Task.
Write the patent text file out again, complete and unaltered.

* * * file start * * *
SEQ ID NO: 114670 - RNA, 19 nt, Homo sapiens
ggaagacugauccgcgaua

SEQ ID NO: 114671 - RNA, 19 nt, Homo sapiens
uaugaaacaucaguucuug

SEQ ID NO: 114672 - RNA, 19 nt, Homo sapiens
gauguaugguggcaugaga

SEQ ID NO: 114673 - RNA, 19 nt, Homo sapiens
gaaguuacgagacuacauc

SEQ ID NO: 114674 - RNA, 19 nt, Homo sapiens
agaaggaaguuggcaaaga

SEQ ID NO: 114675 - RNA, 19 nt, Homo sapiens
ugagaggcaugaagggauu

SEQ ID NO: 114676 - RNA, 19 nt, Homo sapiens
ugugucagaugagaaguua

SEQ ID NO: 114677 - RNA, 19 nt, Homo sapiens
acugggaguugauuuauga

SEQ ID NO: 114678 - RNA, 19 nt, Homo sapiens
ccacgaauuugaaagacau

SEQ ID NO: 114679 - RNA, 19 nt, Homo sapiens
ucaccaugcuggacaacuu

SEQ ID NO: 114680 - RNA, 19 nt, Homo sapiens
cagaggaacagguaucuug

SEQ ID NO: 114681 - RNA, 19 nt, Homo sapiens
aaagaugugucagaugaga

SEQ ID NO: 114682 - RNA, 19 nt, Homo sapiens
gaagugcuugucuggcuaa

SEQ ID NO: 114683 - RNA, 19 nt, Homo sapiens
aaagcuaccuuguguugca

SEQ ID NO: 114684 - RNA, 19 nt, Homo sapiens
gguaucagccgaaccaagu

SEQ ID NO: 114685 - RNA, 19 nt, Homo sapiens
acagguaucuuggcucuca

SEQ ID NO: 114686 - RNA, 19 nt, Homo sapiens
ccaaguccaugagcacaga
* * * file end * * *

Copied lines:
SEQ ID NO: 114670 - RNA, 19 nt, Homo sapiens
ggaagacugauccgcgaua

SEQ ID NO: 114671 - RNA, 19 nt, Homo sapiens
uaugaaacaucaguucuug

SEQ ID NO: 114672 - RNA, 19 nt, Homo sapiens
gauguaugguggcaugaga

SEQ ID NO: 114673 - RNA, 19 nt, Homo sapiens
gaaguuacgagacuacauc

SEQ ID NO: 114674 - RNA, 19 nt, Homo sapiens
agaaggaaguuggcaaaga

SEQ ID NO: 114675 - RNA, 19 nt, Homo sapiens
ugagaggcaugaagggauu

SEQ ID NO: 114676 - RNA, 19 nt, Homo sapiens
ugugucagaugagaaguua

SEQ ID NO: 114677 - RNA, 19 nt, Homo sapiens
acugggaguugauuuauga

SEQ ID NO: 114678 - RNA, 19 nt, Homo sapiens
ccacgaauuugaaagacau

SEQ ID NO: 114679 - RNA, 19 nt, Homo sapiens
ucaccaugcuggacaacuu

SEQ ID NO: 114680 - RNA, 19 nt, Homo sapiens
cagaggaacagguaucuug

SEQ ID NO: 114681 - RNA, 19 nt, Homo sapiens
aaagaugugucagaugaga

SEQ ID NO: 114682 - RNA, 19 nt, Homo sapiens
gaagugcuugucuggcuaa

SEQ ID NO: 114683 - RNA, 19 nt, Homo sapiens
aaagcuaccuuguguugca

SEQ ID NO: 114684 - RNA, 19 nt, Homo sapiens
gguaucagccgaaccaagu

SEQ ID NO: 114685 - RNA, 19 nt, Homo sapiens
acagguaucuuggcucuca

SEQ ID NO: 114686 - RNA, 19 nt, Homo sapiens
ccaaguccaugagcacaga